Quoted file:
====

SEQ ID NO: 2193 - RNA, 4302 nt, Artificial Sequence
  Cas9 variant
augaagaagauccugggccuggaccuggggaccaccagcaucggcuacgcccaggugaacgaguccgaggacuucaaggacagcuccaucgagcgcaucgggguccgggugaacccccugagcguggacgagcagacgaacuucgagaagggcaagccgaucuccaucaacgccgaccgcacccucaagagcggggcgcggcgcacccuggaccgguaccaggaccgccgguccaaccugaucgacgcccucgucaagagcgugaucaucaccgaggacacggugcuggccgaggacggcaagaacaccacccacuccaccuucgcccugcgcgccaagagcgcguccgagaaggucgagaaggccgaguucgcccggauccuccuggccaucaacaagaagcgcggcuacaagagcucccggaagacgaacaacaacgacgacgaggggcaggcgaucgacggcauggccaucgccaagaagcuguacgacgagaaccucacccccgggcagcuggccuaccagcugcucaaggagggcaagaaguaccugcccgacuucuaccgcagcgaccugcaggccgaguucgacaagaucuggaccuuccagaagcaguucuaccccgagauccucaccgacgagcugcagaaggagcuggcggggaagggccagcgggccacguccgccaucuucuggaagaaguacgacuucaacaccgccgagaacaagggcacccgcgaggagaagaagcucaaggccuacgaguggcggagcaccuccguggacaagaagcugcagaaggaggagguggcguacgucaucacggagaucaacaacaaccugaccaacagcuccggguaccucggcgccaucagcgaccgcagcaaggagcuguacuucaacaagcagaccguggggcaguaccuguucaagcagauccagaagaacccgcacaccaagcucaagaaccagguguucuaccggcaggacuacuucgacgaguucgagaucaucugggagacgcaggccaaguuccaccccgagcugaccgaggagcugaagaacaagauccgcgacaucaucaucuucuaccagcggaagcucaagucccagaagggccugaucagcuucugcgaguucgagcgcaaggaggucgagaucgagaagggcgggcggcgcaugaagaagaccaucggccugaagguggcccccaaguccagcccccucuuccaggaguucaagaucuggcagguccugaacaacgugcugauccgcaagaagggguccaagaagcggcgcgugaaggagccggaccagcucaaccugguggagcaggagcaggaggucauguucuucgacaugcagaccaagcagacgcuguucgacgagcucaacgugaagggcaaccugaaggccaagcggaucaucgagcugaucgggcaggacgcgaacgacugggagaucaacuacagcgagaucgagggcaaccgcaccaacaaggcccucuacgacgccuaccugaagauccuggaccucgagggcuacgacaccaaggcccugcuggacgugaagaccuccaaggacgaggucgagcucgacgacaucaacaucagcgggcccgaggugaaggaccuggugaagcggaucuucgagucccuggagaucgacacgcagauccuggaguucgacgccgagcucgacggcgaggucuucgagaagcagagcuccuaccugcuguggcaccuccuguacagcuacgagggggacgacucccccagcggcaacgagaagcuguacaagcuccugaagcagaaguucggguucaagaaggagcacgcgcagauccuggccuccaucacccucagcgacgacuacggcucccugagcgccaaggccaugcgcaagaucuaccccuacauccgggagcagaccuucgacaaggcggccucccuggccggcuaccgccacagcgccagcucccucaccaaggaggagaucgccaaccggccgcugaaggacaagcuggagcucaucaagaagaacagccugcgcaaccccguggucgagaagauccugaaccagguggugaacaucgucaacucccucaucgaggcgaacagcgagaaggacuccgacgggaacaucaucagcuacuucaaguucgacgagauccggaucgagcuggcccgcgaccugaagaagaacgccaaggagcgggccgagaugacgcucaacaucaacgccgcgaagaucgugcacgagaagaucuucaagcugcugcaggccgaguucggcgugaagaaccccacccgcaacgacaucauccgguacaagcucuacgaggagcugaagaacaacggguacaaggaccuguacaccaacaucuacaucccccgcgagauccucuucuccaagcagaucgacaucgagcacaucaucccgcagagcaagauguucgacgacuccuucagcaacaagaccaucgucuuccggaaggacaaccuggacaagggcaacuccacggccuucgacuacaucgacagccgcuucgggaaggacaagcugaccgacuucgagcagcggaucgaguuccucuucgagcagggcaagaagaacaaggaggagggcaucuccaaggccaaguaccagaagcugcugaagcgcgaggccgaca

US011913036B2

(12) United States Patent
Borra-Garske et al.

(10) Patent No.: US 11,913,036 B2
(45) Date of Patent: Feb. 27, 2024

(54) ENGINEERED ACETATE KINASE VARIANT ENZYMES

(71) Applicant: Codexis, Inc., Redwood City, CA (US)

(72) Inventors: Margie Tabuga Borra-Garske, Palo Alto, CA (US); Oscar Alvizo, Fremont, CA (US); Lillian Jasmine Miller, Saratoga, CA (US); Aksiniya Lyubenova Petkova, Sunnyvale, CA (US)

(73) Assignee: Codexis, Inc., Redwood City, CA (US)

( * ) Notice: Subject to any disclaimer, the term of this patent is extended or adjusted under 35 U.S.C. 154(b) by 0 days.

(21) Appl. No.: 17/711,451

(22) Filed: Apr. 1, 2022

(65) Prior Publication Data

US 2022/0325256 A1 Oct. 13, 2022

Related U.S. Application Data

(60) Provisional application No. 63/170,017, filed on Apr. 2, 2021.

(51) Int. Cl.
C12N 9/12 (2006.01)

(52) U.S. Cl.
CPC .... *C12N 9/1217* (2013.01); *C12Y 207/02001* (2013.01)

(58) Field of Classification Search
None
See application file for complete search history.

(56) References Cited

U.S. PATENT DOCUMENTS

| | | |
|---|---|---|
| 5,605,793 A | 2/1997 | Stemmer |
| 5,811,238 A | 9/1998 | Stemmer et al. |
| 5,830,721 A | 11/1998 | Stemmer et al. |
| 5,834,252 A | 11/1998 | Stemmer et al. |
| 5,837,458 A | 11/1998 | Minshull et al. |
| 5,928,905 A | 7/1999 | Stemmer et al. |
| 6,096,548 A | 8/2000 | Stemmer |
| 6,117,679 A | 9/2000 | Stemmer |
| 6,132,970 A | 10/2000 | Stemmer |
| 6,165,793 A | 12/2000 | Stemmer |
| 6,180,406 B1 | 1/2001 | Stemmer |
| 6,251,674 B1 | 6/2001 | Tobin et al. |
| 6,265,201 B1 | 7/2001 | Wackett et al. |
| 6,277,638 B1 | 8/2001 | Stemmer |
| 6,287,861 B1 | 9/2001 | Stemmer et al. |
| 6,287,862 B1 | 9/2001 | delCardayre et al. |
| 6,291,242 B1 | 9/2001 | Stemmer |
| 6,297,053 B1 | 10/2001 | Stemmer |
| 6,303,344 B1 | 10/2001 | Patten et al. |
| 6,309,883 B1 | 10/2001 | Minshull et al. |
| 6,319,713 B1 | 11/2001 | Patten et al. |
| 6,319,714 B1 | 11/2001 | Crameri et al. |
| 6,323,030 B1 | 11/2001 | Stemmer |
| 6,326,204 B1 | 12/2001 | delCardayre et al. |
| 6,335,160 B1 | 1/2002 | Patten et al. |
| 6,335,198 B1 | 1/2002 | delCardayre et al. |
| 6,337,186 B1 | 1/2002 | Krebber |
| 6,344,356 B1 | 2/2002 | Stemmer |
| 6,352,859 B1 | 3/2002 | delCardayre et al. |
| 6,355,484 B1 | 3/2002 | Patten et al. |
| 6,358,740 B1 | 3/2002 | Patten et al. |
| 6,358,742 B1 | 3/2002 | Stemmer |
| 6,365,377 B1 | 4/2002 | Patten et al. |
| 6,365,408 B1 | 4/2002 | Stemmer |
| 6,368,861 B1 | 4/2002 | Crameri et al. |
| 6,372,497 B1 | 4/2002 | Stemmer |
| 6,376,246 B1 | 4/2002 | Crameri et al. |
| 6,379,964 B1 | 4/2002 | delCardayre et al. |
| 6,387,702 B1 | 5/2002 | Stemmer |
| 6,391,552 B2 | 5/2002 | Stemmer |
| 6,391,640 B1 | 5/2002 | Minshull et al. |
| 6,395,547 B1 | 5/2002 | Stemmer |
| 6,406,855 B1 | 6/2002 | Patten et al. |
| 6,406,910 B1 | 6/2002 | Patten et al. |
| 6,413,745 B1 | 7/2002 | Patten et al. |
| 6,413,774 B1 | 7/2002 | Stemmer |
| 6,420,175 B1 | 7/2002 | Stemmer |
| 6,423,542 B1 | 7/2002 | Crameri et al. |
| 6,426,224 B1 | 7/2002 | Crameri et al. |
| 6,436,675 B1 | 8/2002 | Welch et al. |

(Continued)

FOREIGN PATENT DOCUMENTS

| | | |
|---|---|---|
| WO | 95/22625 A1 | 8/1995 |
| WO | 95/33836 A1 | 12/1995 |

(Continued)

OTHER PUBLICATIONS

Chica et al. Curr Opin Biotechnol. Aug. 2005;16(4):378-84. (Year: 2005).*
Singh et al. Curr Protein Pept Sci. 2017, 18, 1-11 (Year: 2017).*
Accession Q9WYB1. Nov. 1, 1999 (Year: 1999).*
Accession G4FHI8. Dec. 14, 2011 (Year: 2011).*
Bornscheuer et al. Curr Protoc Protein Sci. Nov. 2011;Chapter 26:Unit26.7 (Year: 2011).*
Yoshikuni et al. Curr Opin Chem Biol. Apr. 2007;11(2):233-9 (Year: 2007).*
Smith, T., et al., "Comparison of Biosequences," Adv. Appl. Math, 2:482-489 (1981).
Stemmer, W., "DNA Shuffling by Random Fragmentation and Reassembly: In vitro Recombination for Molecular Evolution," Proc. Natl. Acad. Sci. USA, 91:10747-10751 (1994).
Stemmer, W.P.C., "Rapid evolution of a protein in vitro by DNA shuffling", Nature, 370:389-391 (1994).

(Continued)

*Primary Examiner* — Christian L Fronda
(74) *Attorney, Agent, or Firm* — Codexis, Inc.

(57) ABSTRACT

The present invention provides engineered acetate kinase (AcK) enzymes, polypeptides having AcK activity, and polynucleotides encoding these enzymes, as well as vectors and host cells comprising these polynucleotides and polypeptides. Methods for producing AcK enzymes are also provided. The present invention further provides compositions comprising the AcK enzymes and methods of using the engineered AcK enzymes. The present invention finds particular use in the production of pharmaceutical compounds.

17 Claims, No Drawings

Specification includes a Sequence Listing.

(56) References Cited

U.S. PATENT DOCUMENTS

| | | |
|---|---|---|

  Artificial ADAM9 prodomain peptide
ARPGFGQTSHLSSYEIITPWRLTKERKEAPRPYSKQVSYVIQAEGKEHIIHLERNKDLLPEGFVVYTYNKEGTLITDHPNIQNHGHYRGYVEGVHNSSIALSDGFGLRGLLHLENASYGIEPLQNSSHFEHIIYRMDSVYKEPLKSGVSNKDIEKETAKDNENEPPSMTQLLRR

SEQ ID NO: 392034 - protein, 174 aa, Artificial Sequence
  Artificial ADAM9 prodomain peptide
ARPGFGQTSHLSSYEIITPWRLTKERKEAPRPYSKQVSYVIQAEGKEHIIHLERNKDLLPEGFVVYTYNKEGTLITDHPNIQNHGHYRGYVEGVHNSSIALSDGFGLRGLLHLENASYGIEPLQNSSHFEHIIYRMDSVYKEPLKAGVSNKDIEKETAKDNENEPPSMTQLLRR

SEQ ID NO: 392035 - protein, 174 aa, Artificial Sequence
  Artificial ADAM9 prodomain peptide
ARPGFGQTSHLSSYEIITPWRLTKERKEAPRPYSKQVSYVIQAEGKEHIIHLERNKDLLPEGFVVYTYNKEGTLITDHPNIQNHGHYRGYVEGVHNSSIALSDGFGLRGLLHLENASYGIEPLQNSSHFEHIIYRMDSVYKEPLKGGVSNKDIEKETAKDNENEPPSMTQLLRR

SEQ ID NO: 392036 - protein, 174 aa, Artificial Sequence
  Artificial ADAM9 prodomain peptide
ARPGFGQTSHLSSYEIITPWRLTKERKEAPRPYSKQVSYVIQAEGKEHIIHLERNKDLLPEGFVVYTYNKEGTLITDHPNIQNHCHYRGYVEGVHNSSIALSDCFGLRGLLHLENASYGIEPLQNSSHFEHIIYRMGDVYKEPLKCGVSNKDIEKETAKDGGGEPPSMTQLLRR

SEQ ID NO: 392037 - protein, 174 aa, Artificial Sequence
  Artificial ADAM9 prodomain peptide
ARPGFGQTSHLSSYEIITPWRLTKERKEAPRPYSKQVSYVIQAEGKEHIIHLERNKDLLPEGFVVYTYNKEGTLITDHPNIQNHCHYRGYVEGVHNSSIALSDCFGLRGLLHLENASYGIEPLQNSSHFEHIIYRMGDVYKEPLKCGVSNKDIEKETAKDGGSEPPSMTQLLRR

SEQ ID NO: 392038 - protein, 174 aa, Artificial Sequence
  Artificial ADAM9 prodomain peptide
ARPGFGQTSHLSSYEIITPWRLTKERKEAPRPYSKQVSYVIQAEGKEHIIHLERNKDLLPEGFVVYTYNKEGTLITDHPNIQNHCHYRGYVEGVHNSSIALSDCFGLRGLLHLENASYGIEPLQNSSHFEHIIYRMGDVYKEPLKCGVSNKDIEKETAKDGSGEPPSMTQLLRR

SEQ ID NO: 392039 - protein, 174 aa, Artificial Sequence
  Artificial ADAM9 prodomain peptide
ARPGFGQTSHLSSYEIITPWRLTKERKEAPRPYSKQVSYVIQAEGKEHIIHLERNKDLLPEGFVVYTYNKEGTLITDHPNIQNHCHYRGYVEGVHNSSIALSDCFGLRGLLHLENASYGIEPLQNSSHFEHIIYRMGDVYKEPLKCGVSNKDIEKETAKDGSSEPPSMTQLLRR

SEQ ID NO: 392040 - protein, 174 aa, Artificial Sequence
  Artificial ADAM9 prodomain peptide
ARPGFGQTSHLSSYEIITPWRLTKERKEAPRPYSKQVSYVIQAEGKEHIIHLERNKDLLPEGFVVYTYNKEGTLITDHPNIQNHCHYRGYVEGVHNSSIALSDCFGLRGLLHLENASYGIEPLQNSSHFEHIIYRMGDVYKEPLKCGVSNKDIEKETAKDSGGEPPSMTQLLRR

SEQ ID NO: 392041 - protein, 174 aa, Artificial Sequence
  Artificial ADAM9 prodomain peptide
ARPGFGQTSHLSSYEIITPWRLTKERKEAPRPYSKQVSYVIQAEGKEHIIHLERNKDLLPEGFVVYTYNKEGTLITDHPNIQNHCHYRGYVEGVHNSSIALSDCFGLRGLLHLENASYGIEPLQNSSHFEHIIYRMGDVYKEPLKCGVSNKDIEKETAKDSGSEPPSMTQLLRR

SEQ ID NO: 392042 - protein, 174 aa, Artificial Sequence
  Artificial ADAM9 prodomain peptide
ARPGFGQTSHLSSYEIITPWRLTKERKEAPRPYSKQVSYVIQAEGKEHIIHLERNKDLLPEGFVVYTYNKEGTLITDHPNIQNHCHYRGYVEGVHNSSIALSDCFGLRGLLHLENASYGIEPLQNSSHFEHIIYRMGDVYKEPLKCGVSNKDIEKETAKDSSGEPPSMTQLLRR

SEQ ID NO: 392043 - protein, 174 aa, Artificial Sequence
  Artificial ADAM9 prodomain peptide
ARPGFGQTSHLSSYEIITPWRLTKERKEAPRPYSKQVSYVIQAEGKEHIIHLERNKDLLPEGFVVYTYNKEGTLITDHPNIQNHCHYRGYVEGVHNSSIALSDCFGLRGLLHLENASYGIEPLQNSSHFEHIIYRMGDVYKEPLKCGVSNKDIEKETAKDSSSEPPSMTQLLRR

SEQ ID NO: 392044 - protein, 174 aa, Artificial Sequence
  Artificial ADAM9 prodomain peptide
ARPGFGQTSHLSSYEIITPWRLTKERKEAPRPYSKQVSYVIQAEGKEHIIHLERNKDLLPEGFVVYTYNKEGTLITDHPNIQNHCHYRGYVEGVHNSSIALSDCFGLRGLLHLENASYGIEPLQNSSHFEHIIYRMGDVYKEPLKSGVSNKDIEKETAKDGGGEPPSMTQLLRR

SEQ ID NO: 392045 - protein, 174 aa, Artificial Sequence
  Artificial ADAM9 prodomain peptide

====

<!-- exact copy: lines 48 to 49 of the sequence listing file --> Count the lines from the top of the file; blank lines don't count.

| 6,297,053 B1 | 10/2001 | Stemmer |
| 6,303,344 B1 | 10/2001 | Patten et al. |